REVEALED: Mum's death not black and white, Coroners Court hears
"WE CAN'T give you a black or white answer."
That was the confession Doctor Nigel Buxton made in the Coroners Court in Gladstone today, to the disappointment of several lawyers seeking a straight answer.
The second day of inquiry proceedings into the death of Tracy Ann Beale, 45, saw five different witnesses take the stand.
Mrs Beale, 45, died the morning of January 21, 2013, after she was put in a chokehold by husband James Andrew Beale.
The court heard that on the night of the altercation Mrs Beale, who had been drinking considerably, repeatedly struck her husband during an argument about finances.
While the official cause of Mrs Beale's death is neck compression, family members, an entire bench of lawyers, expert witnesses and Coroner David O'Connell gathered this week to determine what scientific and medical factors (following the chokehold) were involved in her death.
Senior Forensic Pathologist and witness Doctor Alex Olumbe performed the autopsy on Mrs Beale in 2013.
He said scattered bruising on the victim's neck and left jaw and the lack of markings on her right side were consistent with neck compression in a chokehold, which was maintained until she went limp due to asphyxia (unconciousness or death caused by lack of oxygen).
Dr Olumbe told the court Mrs Beale's autopsy indicated the jugular vein and carotid artery had been compressed at the same time, causing air and blood flow to stop.
Mrs Beale's neck was winched tightly in the crook of her husband's arm moments before she died.
The carotid artery supplies essential oxygenated blood to the large front part of the brain and monitors heart rate.
Prompted by Coroner O'Connell, the inquiry was established to determine whether Mrs Beale died due to asphyxia, a vasovagal attack (reflex cardiac arrest), a combination of the two or neither.
It is hoped the inquiry will also uncover whether Mrs Beale's pre-existing medical condition (dilated cardiomyopathy) or the consumption of alcohol played a part in her death, and by how much.
Dilated cardiomyopathy is a defect caused by a genetic predisposition or other factors including infection or excessive alcohol consumption.
People may not always know if they have the defect, which can, in cases, lead to sudden death.
Speaking to the court over the phone, Dr Olumbe told the Coroners Court vasovagal activity (a form of cardiac standstill) played the biggest role in Mrs Beale's death, in his opinion.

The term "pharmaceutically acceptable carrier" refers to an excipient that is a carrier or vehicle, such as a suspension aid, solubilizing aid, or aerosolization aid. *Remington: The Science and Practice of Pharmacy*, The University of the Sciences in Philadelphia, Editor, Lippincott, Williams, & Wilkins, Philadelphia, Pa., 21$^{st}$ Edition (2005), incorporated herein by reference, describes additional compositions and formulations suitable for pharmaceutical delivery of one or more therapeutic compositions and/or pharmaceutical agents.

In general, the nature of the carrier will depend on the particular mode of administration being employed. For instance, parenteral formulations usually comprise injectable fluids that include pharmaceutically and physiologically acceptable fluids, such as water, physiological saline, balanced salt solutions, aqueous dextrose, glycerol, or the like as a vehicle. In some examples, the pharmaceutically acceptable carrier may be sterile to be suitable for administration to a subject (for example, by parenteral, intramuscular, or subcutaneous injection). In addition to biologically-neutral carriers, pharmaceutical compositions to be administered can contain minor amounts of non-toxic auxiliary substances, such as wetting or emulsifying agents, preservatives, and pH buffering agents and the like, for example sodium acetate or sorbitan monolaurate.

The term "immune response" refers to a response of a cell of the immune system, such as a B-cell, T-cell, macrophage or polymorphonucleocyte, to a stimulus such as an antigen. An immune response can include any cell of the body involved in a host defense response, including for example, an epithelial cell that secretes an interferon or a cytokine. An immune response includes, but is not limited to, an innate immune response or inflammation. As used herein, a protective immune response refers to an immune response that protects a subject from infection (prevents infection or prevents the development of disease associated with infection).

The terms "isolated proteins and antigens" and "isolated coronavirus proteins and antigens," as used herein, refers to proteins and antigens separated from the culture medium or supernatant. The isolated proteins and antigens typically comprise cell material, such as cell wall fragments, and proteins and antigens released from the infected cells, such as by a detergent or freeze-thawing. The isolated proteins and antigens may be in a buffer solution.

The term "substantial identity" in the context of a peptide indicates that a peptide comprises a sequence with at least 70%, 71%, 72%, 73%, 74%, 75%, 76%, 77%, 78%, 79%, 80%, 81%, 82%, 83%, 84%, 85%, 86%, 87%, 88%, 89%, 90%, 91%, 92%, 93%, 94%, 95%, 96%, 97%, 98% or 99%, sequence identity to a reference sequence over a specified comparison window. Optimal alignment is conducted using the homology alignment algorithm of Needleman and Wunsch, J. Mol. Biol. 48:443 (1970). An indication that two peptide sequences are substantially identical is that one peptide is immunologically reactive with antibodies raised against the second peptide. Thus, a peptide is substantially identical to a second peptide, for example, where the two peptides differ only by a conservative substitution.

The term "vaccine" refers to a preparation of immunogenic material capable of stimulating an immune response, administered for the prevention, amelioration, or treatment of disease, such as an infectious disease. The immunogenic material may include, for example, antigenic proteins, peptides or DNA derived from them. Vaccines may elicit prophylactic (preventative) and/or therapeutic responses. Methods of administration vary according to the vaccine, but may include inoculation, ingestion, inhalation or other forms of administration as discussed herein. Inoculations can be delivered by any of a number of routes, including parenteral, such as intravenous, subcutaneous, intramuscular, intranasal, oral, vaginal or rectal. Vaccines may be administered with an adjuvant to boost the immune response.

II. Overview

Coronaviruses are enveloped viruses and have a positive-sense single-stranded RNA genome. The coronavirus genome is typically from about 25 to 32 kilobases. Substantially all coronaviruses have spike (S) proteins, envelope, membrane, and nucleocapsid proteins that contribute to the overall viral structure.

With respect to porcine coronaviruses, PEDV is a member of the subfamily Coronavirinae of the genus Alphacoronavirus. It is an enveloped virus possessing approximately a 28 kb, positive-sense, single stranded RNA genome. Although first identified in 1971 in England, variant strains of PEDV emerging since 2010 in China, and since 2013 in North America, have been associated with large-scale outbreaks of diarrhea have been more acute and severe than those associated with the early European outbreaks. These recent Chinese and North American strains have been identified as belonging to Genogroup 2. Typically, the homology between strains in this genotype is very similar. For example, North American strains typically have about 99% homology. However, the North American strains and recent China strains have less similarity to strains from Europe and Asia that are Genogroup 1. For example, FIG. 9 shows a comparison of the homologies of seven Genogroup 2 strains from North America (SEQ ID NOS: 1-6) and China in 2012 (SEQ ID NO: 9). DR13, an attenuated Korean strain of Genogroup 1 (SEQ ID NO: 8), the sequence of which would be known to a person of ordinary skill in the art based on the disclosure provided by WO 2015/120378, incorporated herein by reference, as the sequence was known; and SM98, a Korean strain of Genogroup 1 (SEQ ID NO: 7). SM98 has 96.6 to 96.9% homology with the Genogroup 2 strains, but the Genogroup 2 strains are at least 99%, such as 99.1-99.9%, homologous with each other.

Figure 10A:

He noted, however, this form of activity could not be measured in an autopsy.
Another question raised in court was whether a heart arrhythmia may have led to the victim's death.
Counsel assisting the Coroner John Aberdeen said in fight or flight conditions, where a person is fearful, adrenaline is released, desensitising the heart muscle, which can lead to a heart arrhythmia.
But these two events (the release of adrenaline or a heart arrhythmia) can also not be measured post-mortem.
Dr Olumbe told the court that mild to medium force was required to cause a vasovagal attack. He gave the example of a carotid massage, which is a dangerous practice rarely used by even the most skilled doctors to lower a person's heart rate.
According to the National Coronial Information System, there have been 42 deaths caused solely by vasovagal events and no other factors between 2000-2013.
The court heard most of these were hangings.
Doctor Buxton added to his colleague's assessment of the severity of vasovagal attacks and the high risk associated with the carotid artery.
Anything involving compression of the neck is dangerous ... Even if you know what you are doing, the risk of killing someone is there," he said.
He told Barrister for Mrs Beale's family, Michael Anderson, that if it was his case, he would conclude a vasovagal attack with the contributing factors of alcohol and cardiomyopathy in the patient's death.
But he said he could not confidently say what the final trigger was.
"I don't think you can say any one particular thing worked on its own ... that's why these deaths are so complicated," he said.
Dr Baxton also said it was likely his opinion could be disagreed with by other pathologists.